Wednesday, December 06, 2006

ROI in Marketing

I attended a session on ROI (Return on Investment) in marketing at the HP conference. Hopefully the presenter (who was excellent) was not put off too much by some of the views I shared. HP's focus on ROI should play right into SYNNEX's strengths because one of our goals is to be the best return for vendor marketing dollars spent.

This said, ROI on marketing is foggy at best and a myth at worse. Part of this is because I think long term and measurements tend to be short term (my long term view often conflicts with others who have shorter views)

I wrote this controversial article on ROI in Marketing a while ago that explains the pitfalls.

The Fallacy of Return on Investment in Marketing.

Return on investment in marketing cannot be measured accurately.
Do you buy a Coke because it is on the billboard; because you saw the ad on television; because you saw the Coke truck; or because the Coke machine is convenient? Was it the ad this month or last? Or was it the ad you saw when you were 10? Or is it the fond memories you have of drinking Coke? Or the nice logo?
The answer is - you probably don’t know exactly why you buy the Coke at the particular time that you do. It is a combination of all these factors that make up marketing that cause the consumer to take action.

Marketing is the battle for perception. Good marketing can create the perception needed to cause purchasers to buy.

The only type of product that can have an instant return on investment in marketing is something that is truly commoditized. If you are selling water and there is no perception that your water is any different than anyone else’s water, then if you do a marketing campaign or a promotion or a price reduction, you can shift share from a competitor. Most manufacturers should actually be spending their marketing dollars differentiating their product. It is much easier to sell “Clean Glacier” water over "bottled city" water if Clean Glacier can sell the refreshment and health benefits of their brand.

The only companies that should want to commoditize their markets are ones that are truly the lowest cost to produce (not to be confused with lowest price). To sell at the lowest price without the lowest cost is a recipe for failure.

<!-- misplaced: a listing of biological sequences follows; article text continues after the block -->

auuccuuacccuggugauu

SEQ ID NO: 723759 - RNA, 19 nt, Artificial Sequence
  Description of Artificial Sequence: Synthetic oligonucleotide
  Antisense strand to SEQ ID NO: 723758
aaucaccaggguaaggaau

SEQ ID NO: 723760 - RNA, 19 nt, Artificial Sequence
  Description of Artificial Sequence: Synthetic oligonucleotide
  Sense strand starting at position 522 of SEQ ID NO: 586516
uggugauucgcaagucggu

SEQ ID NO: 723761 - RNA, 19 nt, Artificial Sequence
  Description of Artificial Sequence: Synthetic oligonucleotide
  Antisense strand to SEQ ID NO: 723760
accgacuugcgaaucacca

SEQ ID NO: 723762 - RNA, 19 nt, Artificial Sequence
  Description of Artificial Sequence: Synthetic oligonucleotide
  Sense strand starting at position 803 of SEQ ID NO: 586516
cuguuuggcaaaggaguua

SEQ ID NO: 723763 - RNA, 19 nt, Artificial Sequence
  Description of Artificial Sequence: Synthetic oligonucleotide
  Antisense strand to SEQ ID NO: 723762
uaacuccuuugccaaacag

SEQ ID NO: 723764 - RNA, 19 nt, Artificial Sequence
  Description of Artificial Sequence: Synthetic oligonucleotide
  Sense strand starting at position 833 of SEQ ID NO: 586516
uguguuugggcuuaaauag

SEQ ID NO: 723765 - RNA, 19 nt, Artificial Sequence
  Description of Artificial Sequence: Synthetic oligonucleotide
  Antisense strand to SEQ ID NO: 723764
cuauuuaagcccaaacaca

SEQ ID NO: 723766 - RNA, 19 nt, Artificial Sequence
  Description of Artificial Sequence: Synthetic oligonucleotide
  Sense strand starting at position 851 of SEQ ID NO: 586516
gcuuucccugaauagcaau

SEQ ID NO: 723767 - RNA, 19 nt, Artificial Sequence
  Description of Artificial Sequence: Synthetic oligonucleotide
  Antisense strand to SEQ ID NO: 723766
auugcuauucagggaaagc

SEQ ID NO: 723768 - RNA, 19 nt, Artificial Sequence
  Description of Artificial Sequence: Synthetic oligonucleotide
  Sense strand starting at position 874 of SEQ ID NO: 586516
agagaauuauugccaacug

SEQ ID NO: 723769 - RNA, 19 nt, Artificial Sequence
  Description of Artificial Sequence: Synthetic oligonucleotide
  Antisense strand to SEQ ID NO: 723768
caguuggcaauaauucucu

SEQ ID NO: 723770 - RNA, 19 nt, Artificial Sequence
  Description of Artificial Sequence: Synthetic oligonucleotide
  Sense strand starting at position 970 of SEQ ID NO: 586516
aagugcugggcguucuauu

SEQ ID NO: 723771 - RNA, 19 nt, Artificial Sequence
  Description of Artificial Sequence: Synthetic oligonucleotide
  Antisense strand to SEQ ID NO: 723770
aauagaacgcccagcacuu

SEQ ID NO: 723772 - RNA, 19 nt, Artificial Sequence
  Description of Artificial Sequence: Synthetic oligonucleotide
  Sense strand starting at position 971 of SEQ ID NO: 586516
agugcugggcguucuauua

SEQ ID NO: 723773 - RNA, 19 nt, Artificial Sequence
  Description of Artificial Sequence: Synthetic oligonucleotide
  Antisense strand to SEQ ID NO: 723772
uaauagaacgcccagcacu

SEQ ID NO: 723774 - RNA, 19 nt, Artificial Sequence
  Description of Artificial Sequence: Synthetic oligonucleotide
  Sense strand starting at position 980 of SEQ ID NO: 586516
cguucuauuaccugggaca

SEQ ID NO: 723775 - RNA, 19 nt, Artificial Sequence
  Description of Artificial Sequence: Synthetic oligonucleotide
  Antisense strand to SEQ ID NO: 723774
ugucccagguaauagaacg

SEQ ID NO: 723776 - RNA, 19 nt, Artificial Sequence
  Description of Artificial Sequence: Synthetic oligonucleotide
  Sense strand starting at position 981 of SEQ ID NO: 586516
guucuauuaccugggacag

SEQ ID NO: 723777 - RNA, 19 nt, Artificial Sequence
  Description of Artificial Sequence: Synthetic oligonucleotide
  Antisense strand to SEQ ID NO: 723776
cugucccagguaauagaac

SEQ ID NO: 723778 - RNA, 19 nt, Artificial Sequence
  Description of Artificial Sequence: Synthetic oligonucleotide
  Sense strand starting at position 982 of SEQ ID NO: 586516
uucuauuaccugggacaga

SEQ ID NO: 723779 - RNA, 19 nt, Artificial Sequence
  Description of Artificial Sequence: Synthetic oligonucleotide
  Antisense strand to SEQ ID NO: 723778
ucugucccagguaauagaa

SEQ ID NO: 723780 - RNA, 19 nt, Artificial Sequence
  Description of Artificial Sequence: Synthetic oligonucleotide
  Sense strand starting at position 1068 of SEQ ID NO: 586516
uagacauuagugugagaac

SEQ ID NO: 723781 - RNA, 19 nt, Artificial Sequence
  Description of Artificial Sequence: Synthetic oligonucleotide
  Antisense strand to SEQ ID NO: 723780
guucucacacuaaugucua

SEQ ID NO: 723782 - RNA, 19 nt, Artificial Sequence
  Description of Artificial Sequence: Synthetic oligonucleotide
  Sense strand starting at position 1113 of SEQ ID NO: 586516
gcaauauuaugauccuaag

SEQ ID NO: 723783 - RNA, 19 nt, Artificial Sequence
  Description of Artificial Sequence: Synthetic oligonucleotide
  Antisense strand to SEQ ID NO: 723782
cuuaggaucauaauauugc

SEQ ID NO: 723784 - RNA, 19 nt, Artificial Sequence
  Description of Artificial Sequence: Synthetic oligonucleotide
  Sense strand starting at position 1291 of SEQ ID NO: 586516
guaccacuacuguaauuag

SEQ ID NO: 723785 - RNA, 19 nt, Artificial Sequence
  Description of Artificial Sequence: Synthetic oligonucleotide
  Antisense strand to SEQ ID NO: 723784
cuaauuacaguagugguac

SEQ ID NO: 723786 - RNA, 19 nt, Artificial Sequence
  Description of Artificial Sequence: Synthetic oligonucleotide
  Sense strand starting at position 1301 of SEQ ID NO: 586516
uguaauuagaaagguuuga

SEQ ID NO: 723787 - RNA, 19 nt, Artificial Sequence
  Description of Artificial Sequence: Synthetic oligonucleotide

There is a great book called Tipping Point, by Malcolm Gladwell, that talks about mavens (product experts) and connectors (natural networkers who spread the word). The thesis in the book is that getting products known by enough mavens and connectors can cause a product to "tip" and become pervasive and successful.

I sit on the board of Research in Motion (RIM). When RIM was first introducing their products, they spent most of their marketing budget on giving samples of their product to people they identified as mavens or connectors. Most stockbrokers qualified. Because the product worked well, they evangelized it and eventually that lead to more adoption and ultimate success.

A single influencer can persuade hundreds of customers to buy over a long period of time.

The purpose of marketing, then, can be to influence the influencers. Design any program with that in mind.

Marketing is also best done with multiple media. It is best to not only send a flyer but to telemarket, email, fax, press release, demonstrate products in trade show, advertise etc. The different messages reinforce each other and different people get different things from different media.

All marketing tends to be more effective if it is repeated often. It has been said that the first time a person sees something about the company, they don’t see it; the second time, they are vaguely aware of it; the third time they look at it; the fourth time, they read it; the fifth time, they absorb; and the sixth time, they buy it. All marketing effects occur over time.

Because of the difficulty in measuring ROI, some companies will just stop marketing. This is great news for those that keep marketing. In time share will shift to those that continue to invest.

I am a time management person. I pride myself in using my time well. I even authored an eBook and audio CD on the topic. People ask me why I Blog and do I get a return on the time I spend blogging. I do know it has given me a higher profile. It has added to the tradition press I get (I have been written about in the Globe and Mail, Forbes Magazine and many computer trade journals like CRN). Can I measure the ROI? No - but no long term company can measure ROI accurately.

Jim Estill is the CEO of SYNNEX Canada

4 Comments:

At 12:12 PM, Blogger steven edward streight said...

Aha, a man after my own heart. ROI is a destructive practice in many cases. What's the ROI on business cards? New office furniture? New carpet? Designated parking spots for top executives?

What really kills me is ROI on blogs. It's more like ROT: Return on Time invested.

Keep being controversial. I'm rubbing off on you, and quite ashamed of it, too. heh.

 
At 12:15 PM, Blogger Jim Estill said...

I am sure you are real sorry your controverial views are rubbing off.

I should write an article on ROT.

 
At 3:54 PM, Anonymous Alex Revai said...

How refreshing it is to read from a North American (OK, Canadian) CEO, who has a positive, LONG-TERM VIEW (of ROI and, presumably other business issues, too.) Corporations are so caught up in the quarter-to-quarter mentality, driven by the "street's" expectations, that they shy away from doing the intuitively right things. Good for you Jim! Good for Synnex, too! Cheers, Alex

 
At 9:55 PM, Blogger Jim Estill said...

My "Long Term" thinking often puts me at odds with people. It may be laudable but takes great resolve to stick to. We are an instant society.

 

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